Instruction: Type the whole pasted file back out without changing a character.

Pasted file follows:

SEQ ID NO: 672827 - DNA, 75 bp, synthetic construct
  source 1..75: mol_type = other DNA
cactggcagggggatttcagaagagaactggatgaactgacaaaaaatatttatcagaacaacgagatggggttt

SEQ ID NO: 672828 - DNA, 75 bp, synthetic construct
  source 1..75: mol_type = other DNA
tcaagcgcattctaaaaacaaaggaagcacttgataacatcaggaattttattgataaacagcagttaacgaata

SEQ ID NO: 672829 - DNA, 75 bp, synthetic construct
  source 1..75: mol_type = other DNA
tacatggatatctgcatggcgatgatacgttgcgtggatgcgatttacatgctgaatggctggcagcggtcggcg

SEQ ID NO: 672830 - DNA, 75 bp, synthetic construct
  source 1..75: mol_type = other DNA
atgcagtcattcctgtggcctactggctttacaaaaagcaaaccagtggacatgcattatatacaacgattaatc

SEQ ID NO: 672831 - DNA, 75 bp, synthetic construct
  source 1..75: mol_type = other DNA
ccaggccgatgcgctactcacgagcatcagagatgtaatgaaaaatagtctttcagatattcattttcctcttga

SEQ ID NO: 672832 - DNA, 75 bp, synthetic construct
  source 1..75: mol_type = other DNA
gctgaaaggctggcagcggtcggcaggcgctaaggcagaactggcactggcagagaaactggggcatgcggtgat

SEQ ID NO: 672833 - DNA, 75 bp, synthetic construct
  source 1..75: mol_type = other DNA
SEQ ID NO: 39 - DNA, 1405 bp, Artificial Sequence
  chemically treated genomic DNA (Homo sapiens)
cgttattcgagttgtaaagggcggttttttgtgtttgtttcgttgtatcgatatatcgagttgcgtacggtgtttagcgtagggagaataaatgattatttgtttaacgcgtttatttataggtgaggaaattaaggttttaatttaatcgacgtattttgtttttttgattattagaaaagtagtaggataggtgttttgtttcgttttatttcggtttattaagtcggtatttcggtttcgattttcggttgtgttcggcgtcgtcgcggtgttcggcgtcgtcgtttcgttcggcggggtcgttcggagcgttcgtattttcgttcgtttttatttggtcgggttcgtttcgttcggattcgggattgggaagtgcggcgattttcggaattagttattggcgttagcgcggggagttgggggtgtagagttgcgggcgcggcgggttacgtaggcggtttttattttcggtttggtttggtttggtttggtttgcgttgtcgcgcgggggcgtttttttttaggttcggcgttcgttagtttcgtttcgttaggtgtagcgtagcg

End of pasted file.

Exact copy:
SEQ ID NO: 672827 - DNA, 75 bp, synthetic construct
  source 1..75: mol_type = other DNA
cactggcagggggatttcagaagagaactggatgaactgacaaaaaatatttatcagaacaacgagatggggttt

SEQ ID NO: 672828 - DNA, 75 bp, synthetic construct
  source 1..75: mol_type = other DNA
tcaagcgcattctaaaaacaaaggaagcacttgataacatcaggaattttattgataaacagcagttaacgaata

SEQ ID NO: 672829 - DNA, 75 bp, synthetic construct
  source 1..75: mol_type = other DNA
tacatggatatctgcatggcgatgatacgttgcgtggatgcgatttacatgctgaatggctggcagcggtcggcg

SEQ ID NO: 672830 - DNA, 75 bp, synthetic construct
  source 1..75: mol_type = other DNA
atgcagtcattcctgtggcctactggctttacaaaaagcaaaccagtggacatgcattatatacaacgattaatc

SEQ ID NO: 672831 - DNA, 75 bp, synthetic construct
  source 1..75: mol_type = other DNA
ccaggccgatgcgctactcacgagcatcagagatgtaatgaaaaatagtctttcagatattcattttcctcttga

SEQ ID NO: 672832 - DNA, 75 bp, synthetic construct
  source 1..75: mol_type = other DNA
gctgaaaggctggcagcggtcggcaggcgctaaggcagaactggcactggcagagaaactggggcatgcggtgat

SEQ ID NO: 672833 - DNA, 75 bp, synthetic construct
  source 1..75: mol_type = other DNA
SEQ ID NO: 39 - DNA, 1405 bp, Artificial Sequence
  chemically treated genomic DNA (Homo sapiens)
cgttattcgagttgtaaagggcggttttttgtgtttgtttcgttgtatcgatatatcgagttgcgtacggtgtttagcgtagggagaataaatgattatttgtttaacgcgtttatttataggtgaggaaattaaggttttaatttaatcgacgtattttgtttttttgattattagaaaagtagtaggataggtgttttgtttcgttttatttcggtttattaagtcggtatttcggtttcgattttcggttgtgttcggcgtcgtcgcggtgttcggcgtcgtcgtttcgttcggcggggtcgttcggagcgttcgtattttcgttcgtttttatttggtcgggttcgtttcgttcggattcgggattgggaagtgcggcgattttcggaattagttattggcgttagcgcggggagttgggggtgtagagttgcgggcgcggcgggttacgtaggcggtttttattttcggtttggtttggtttggtttggtttgcgttgtcgcgcgggggcgtttttttttaggttcggcgttcgttagtttcgtttcgttaggtgtagcgtagcg